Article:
St. Mary Falls, Glacier National Park, Montana USA (© Russ Bishop/www.russbishop.com)

St. Mary Falls, Glacier National Park, Montana

Glacier National Park in northern Montana is a world carved by ice. Known to Native Americans as the “Shining Mountains”, canyons flow down from this alpine environment along the Continental Divide that were formed a millennia ago when mastodons roamed the earth.

Moving just inches a year, the glaciers fill the rivers and streams below with silt giving them their unique turquoise hue. And set against the red and green sedimentary rock (the oldest in the entire Rocky Mountain chain), the colors provide a visual feast while the chill in the air is a constant reminder that the ice is not far above.

Glacier is recognised as an International Biosphere Reserve and World Heritage Site, and preserves more than a million acres of forests, alpine meadows, lakes, rugged peaks and glacial-carved valleys. Though evidence shows that within thirty years all of the ice may be gone, rangers are quick to point out that the park was named as much for the forces that formed it as the glaciers themselves.

A trip to this magnificent park should be on anyone’s bucket list to North America, but it’s frozen remains are just one facet of the many awe-inspiring sights waiting to explored.




Les Braves WWII D-day monument on Omaha Beach created by French sculptor Anilore Banon, Normany, France (© Russ Bishop/www.russbishop.com)

Les Braves WWII D-day monument on Omaha Beach created by French sculptor Anilore Banon

TGIF – It’s easy to say after a long work week in which maybe things didn’t all go as planned, but we need to put things into perspective. Seventy years ago on this now quiet beach along the coast of Normandy, France decisions were made that have provided us with the freedoms we continue to enjoy today. This monument on Omaha Beach, Les Braves created by French sculptor Anilore Banon, is a tribute to the soldiers who made such great sacrifices during the Allied invasion on D-Day to preserve our way of life.

On this Veteran’s Day, I’m grateful to those who have given so much to allow me the opportunity to live and work as I choose. In honor of the day, the National Park Service has waived the entrance fee for all parks, monuments and historic sites in the country. So head out and exercise your freedom, and enjoy America’s Best Idea on the house!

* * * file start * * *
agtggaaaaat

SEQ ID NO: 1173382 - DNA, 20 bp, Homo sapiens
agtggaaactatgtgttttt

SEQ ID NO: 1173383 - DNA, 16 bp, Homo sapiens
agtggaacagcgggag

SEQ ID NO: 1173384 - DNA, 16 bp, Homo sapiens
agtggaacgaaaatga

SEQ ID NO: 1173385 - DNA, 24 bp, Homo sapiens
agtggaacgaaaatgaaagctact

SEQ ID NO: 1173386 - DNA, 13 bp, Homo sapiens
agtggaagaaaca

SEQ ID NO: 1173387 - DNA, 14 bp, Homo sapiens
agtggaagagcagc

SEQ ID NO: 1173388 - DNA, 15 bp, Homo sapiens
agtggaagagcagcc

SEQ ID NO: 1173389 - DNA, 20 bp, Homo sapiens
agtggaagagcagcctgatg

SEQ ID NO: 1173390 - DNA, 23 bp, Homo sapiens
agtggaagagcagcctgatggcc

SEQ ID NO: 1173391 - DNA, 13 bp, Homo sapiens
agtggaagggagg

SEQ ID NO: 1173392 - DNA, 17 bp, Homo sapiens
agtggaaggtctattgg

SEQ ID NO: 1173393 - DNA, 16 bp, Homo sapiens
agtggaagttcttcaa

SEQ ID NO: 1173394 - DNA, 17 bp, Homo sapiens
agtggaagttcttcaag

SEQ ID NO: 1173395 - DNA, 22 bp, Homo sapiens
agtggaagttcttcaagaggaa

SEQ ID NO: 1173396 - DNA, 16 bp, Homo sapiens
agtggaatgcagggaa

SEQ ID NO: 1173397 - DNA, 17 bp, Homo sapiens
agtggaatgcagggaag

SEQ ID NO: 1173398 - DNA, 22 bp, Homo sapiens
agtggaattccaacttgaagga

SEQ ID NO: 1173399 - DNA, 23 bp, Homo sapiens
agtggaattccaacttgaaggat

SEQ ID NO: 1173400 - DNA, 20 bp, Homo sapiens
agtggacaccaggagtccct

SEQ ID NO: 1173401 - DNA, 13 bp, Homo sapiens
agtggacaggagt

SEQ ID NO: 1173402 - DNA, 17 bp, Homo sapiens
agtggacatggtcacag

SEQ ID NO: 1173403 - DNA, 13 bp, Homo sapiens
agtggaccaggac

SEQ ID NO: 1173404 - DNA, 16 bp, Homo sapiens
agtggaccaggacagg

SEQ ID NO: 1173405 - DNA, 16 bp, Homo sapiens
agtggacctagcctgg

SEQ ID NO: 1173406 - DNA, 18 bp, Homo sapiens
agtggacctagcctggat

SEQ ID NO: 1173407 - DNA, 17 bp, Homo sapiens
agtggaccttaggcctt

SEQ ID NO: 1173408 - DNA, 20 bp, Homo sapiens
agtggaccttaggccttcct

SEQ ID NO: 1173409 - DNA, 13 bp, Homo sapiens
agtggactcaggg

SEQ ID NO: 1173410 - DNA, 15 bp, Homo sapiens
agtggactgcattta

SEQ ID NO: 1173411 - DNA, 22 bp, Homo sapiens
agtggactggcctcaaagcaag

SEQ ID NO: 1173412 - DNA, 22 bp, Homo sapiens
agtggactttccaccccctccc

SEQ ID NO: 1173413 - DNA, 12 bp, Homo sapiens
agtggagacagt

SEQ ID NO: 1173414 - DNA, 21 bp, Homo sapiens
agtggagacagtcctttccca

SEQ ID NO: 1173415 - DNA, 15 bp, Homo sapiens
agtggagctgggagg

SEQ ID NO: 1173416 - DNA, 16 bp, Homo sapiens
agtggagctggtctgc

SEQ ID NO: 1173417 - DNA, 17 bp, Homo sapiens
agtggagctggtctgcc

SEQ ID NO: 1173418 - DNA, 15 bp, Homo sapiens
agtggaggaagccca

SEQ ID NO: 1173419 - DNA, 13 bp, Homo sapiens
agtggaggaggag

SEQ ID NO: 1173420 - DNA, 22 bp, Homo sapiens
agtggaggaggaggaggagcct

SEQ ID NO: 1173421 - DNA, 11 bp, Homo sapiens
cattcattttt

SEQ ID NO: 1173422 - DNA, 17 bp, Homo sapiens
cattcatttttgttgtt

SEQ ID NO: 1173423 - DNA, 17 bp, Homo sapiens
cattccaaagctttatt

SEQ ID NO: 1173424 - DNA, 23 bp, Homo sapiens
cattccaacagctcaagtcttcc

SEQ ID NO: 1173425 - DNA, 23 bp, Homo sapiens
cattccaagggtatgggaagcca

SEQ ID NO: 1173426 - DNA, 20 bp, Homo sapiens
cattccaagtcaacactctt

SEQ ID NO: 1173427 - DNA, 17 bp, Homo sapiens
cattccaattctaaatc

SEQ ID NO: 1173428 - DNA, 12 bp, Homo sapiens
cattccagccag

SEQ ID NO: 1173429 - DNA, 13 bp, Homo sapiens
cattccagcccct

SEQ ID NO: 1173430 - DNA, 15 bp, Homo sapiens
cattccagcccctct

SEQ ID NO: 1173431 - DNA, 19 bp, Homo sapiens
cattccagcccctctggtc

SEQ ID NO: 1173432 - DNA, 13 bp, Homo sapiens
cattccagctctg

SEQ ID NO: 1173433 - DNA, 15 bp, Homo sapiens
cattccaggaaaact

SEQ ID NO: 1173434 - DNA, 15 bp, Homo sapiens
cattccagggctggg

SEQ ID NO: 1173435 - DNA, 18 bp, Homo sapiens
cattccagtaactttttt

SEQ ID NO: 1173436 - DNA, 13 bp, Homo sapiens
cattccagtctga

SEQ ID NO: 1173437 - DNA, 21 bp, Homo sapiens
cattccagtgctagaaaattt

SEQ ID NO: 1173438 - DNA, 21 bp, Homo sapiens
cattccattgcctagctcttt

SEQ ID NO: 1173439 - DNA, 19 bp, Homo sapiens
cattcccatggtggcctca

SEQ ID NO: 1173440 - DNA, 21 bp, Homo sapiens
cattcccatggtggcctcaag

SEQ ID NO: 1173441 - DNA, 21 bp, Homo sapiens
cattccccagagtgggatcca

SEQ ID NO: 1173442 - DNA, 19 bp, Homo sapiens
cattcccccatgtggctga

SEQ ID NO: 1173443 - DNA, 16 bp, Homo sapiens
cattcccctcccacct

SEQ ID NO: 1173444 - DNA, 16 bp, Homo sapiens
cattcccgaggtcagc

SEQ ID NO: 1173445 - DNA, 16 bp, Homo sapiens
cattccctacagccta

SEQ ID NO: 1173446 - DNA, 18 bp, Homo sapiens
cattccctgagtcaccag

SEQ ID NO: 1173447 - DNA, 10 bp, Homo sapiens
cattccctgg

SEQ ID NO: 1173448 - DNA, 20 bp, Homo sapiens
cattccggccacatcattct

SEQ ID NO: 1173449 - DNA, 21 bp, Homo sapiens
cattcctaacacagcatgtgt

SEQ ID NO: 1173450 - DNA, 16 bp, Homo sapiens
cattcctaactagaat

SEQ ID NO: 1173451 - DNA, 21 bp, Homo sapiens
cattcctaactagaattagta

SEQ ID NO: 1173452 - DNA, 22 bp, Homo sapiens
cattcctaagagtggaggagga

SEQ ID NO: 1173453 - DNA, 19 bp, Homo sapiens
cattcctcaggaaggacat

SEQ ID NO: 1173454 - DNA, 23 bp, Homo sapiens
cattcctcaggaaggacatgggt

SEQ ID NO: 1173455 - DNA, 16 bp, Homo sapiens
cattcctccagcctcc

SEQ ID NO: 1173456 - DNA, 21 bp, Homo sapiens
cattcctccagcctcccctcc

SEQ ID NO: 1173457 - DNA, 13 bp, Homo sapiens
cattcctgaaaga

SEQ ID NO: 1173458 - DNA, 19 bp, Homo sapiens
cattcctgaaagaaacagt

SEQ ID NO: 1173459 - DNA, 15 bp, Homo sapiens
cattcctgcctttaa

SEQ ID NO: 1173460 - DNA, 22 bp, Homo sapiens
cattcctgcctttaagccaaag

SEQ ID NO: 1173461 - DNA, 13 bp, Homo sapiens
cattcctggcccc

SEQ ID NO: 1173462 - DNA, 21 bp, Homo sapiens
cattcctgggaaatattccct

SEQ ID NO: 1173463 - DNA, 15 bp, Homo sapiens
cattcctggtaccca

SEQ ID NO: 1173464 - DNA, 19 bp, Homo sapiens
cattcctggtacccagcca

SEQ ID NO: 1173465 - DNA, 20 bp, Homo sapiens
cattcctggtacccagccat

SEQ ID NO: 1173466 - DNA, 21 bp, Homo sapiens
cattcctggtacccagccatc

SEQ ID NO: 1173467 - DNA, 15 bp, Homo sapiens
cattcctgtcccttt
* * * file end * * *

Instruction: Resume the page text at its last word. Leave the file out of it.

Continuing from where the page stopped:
Moonbow and starry sky over Yosemite Falls, Yosemite National Park, California USA (© Russ Bishop/www.russbishop.com)

Moonbow and starry sky over Yosemite Falls, Yosemite National Park, California

Yosemite National Park is a mecca for adventure and nature photography with its steep granite walls, lush meadows, alpine spires and booming waterfalls. I’ve spent over forty years exploring its unique features and it always feels like home whenever I return.

But as with any well-loved location, it’s easy to find yourself in a creative quandary when it comes to seeking out new perspectives. With iconic landmarks around every turn, it’s a challenge to create fresh images that (no matter how beautiful) don’t leave you feeling as if you’ve just seen that same view in a recent car ad or magazine. So what to do?

Last spring I admit I did take some of those classic shots, but I also came away with a few truly unique images. As I’ve mentioned in a previous post, waterfalls are always a rewarding subject as no two shots will ever be the same. The flow of the water is in a constant state of flux and experimenting with shutter speed opens up a whole new world of creative expression. From what Ansel Adams called “straight photography” to ethereal artistic interpretation, the sky really is the limit with this liquid landscape.

To take this one step further, my trip coincided with the full moon so I took advantage of the lunar light combined with a fairly full flow from the spring runoff to create nightscapes like the one above. Moonbows have become a popular subject in recent years, and the opportunity provided just the creative portal I was seeking.

Also known as lunar rainbows, moonbows are a unique phenomenon that occurs when the full moon illuminates the spray of a waterfall. The moon needs to be low in the sky (less than 42 degrees) and the night sky must be very dark making Yosemite an ideal location. The best times are typically 2 to 3 hours before sunrise or 2 to 3 hours after sunset when the brightness of the stars compliments the moonlight reflecting off the water.

Framing can be a challenge in such dim light, but once you have a composition set and your eyes have adjusted the fun part begins. Watching the moonbow magically appear and disappear with the ebb and flow of the spray is mesmerizing and makes for an evening of photography you won’t soon forget.